The North Dakota Lewis & Clark Interpretive Center provides an overview of the Lewis & Clark Expedition, with special emphasis on the time spent at Fort Mandan during the winter of 1804- 1805. The displays include Native American artifacts, a buffalo robe visitors will be able to try on, as well as a "cradle-board" much like the one Sakakawea may have used to carry her baby. An authentic wood canoe carved from the trunk of a large cottonwood tree demonstrates the winter preparations the Expedition made while at Fort Mandan.
After Lewis and Clark left to continue their journey west, the rich history of this area continued to grow, with the establishment of Fort Clark in 1830. Built as a trading post of the American Fur Company, Fort Clark soon became a cultural and diplomatic center for the early Americans and the neighboring Mandan and Arikara tribes. The latest addition to the Interpretive Center - the Fort Clark Exhibit in the Sheldon Gallery - presents the history of the mighty steamboats, frontier trade and Native American culture that saturated this region.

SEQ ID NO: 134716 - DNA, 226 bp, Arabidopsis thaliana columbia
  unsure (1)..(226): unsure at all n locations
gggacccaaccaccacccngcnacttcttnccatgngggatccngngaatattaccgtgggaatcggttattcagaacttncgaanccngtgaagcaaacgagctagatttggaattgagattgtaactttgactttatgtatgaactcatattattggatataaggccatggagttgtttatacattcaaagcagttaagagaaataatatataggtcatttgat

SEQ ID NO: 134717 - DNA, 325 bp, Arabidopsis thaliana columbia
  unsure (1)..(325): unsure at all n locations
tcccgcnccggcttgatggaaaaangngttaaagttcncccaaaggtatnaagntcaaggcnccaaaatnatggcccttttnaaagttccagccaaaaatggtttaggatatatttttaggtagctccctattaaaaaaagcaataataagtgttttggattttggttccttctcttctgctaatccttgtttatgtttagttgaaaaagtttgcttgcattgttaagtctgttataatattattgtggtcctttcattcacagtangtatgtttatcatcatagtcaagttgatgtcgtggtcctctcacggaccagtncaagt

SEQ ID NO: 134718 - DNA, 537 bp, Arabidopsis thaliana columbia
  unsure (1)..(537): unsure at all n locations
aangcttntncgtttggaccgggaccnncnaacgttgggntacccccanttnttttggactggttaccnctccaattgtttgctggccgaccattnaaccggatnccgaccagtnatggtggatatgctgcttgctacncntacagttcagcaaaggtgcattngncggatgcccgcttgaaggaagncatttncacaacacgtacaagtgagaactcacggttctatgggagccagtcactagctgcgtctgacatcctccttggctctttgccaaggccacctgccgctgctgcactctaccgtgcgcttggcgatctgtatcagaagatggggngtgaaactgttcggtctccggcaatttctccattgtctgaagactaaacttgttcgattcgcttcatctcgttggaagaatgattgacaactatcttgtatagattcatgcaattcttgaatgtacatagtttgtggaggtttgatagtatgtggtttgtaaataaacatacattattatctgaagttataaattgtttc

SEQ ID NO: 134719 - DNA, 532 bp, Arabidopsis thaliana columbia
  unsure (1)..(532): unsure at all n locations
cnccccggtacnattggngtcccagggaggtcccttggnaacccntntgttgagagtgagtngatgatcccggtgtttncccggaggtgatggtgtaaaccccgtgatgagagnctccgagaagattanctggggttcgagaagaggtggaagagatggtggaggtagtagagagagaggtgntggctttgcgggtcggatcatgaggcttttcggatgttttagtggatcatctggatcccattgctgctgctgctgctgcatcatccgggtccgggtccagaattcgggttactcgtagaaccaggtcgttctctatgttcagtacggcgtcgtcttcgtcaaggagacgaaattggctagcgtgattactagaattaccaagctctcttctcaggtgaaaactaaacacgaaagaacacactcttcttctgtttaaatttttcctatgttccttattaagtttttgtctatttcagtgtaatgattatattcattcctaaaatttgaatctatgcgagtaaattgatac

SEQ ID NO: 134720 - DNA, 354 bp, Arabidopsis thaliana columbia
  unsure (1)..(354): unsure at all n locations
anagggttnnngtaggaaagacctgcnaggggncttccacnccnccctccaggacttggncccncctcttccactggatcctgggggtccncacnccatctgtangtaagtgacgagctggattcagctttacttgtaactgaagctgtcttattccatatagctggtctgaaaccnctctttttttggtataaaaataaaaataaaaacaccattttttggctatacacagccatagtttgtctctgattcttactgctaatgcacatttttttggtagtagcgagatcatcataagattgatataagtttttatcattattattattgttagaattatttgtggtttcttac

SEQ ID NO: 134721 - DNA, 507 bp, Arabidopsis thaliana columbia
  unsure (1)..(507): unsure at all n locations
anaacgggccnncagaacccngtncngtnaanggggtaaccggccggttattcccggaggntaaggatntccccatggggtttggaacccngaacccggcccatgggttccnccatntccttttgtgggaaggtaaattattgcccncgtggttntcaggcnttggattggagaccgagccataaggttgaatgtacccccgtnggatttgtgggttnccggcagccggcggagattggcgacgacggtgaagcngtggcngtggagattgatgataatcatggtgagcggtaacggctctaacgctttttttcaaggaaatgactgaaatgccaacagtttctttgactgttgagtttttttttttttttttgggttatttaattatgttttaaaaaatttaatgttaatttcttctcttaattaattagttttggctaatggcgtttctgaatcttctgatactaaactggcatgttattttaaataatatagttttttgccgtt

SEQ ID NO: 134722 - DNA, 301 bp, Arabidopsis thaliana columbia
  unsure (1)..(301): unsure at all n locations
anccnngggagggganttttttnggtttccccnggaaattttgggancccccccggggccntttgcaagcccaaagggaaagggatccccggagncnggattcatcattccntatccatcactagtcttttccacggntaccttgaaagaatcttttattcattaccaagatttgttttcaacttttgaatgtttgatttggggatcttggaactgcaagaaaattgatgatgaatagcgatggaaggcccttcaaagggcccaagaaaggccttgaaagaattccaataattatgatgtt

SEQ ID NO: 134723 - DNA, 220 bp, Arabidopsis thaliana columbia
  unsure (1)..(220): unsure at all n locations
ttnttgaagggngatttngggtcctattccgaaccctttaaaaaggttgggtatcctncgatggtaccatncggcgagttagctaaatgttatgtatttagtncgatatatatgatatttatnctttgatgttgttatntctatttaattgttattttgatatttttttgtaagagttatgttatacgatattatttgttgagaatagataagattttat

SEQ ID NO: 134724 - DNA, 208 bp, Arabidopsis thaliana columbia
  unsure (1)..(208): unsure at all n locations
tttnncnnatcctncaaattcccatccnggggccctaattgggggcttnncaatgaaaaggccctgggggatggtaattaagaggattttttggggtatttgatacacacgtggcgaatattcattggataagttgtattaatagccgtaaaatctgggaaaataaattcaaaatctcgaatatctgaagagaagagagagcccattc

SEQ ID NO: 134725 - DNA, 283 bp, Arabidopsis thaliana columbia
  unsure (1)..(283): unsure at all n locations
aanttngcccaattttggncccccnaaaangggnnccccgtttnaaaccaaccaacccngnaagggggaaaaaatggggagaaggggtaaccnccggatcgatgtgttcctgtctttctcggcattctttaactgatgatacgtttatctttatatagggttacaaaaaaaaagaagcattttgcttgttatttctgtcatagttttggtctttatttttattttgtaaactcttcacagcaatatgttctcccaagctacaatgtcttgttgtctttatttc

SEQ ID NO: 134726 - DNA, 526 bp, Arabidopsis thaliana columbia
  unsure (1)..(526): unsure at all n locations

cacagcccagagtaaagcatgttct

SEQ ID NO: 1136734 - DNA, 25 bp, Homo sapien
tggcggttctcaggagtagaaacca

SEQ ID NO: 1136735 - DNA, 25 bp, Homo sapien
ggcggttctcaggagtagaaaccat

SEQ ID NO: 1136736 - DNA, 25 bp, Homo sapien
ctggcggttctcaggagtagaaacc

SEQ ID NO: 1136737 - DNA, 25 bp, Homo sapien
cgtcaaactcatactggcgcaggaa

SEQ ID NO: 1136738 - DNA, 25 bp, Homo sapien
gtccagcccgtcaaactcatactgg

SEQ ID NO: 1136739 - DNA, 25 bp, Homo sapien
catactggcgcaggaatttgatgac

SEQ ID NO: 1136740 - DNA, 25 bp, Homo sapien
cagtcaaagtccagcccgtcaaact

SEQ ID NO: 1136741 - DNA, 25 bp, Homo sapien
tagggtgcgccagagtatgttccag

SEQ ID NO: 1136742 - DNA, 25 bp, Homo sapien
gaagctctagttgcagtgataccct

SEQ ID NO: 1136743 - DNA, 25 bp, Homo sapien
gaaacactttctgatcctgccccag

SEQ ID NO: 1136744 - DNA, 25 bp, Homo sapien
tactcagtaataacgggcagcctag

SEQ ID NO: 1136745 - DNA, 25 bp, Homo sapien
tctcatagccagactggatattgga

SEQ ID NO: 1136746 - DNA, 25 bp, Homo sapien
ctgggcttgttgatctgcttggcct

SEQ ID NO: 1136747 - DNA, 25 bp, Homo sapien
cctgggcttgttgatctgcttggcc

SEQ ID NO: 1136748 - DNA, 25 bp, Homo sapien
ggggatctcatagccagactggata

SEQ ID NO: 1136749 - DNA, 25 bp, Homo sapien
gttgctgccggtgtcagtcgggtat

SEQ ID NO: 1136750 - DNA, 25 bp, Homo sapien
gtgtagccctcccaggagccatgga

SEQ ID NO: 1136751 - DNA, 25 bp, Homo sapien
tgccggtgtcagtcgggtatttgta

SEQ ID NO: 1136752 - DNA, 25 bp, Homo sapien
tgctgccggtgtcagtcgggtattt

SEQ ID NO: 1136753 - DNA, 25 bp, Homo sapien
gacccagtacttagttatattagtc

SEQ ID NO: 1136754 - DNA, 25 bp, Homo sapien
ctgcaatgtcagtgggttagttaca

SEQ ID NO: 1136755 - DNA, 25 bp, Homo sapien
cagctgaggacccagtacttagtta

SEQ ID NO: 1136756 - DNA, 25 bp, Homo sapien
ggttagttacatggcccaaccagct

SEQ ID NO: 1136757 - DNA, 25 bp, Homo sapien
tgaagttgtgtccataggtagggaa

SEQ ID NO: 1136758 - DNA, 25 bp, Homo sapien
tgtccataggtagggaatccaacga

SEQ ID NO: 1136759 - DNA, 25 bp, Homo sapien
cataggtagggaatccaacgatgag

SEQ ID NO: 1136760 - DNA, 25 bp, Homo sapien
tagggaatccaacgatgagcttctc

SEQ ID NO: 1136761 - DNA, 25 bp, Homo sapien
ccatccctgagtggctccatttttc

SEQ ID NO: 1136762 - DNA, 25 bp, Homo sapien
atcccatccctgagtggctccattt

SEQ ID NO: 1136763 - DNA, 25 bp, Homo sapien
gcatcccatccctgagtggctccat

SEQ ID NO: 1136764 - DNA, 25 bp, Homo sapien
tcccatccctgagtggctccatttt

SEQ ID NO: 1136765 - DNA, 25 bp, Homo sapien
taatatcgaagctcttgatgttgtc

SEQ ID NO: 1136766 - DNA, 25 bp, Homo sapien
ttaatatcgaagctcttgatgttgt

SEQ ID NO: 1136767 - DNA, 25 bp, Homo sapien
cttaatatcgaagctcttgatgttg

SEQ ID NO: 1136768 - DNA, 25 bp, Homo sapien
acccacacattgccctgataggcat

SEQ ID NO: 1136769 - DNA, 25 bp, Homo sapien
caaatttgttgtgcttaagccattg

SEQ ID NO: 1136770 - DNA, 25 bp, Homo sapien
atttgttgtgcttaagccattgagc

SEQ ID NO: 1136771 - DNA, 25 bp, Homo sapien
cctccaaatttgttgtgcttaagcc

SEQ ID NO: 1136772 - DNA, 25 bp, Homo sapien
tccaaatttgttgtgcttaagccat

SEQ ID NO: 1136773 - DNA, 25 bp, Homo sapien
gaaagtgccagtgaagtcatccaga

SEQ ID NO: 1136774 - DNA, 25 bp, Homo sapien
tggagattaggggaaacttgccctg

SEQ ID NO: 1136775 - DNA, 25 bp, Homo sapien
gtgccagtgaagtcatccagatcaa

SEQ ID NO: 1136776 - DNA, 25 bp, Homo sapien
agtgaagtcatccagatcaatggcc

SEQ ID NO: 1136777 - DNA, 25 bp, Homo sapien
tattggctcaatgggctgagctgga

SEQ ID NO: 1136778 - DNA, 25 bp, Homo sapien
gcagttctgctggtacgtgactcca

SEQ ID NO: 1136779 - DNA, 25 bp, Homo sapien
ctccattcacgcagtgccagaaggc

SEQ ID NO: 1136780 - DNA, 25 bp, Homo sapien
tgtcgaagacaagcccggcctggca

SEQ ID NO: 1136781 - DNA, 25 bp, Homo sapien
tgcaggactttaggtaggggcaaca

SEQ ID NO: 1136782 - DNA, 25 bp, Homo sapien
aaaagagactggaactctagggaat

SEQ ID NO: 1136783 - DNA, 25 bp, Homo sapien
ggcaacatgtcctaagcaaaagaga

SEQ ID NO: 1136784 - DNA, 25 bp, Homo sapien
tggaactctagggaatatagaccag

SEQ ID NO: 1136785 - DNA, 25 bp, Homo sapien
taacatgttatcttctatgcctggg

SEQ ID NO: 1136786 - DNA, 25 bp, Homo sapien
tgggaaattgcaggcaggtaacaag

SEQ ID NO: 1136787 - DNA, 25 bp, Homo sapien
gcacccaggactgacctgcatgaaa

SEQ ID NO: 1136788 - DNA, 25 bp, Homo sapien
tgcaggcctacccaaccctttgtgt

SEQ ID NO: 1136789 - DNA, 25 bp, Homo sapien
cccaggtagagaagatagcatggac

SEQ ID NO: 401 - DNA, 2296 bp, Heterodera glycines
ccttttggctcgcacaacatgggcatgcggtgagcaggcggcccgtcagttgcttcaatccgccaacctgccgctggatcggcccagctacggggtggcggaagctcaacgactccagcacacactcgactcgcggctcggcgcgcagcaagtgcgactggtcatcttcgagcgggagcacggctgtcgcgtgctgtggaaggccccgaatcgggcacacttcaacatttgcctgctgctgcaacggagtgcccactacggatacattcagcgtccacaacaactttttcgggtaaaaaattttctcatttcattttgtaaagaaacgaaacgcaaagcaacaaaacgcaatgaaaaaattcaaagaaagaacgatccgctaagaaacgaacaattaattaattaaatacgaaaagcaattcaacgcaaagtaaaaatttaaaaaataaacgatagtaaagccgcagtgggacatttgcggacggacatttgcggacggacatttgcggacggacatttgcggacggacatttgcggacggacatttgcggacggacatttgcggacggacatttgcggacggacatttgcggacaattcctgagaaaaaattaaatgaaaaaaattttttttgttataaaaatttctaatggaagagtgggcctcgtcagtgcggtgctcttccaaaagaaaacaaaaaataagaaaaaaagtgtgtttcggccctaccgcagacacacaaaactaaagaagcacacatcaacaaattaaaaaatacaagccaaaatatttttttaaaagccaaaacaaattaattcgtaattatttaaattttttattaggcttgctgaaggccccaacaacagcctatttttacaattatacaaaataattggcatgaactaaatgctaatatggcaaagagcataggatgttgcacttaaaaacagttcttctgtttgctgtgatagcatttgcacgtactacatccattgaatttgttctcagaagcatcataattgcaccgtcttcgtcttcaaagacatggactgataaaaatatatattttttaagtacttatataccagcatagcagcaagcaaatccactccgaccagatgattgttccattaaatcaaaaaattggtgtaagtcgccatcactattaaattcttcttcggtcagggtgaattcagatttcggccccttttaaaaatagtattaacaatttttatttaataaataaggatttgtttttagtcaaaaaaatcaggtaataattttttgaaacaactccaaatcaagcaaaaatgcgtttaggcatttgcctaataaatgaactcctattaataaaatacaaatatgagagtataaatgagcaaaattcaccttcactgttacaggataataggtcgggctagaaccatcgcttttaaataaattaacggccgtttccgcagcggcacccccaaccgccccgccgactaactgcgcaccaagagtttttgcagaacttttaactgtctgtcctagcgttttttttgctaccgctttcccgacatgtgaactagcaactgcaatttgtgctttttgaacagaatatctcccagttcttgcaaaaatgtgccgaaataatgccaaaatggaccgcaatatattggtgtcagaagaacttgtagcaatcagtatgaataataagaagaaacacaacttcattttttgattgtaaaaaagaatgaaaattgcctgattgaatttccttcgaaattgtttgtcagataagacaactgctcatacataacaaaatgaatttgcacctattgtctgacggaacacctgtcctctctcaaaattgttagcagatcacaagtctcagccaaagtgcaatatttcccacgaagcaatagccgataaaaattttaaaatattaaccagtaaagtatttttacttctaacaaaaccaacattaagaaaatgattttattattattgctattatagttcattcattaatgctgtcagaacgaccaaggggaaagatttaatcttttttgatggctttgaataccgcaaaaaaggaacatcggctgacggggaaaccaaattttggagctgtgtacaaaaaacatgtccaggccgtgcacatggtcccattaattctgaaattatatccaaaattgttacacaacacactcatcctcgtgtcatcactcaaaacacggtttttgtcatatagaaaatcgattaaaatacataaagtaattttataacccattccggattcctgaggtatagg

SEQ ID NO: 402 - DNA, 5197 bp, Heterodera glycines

The Interpretive Center's Bergquist Gallery, one of only four galleries in the world to house a complete collection, rotates the prints of Karl Bodmer on a seasonal basis. Bodmer's watercolors and Maximilian's written descriptions are considered the most complete and reliable eyewitness account of the Upper Midwest Indian cultures.
Location: Intersection of US Highway 83 and ND Highway 200A on McLean County Highway 17, Washburn, North Dakota, 38 miles north of Bismarck.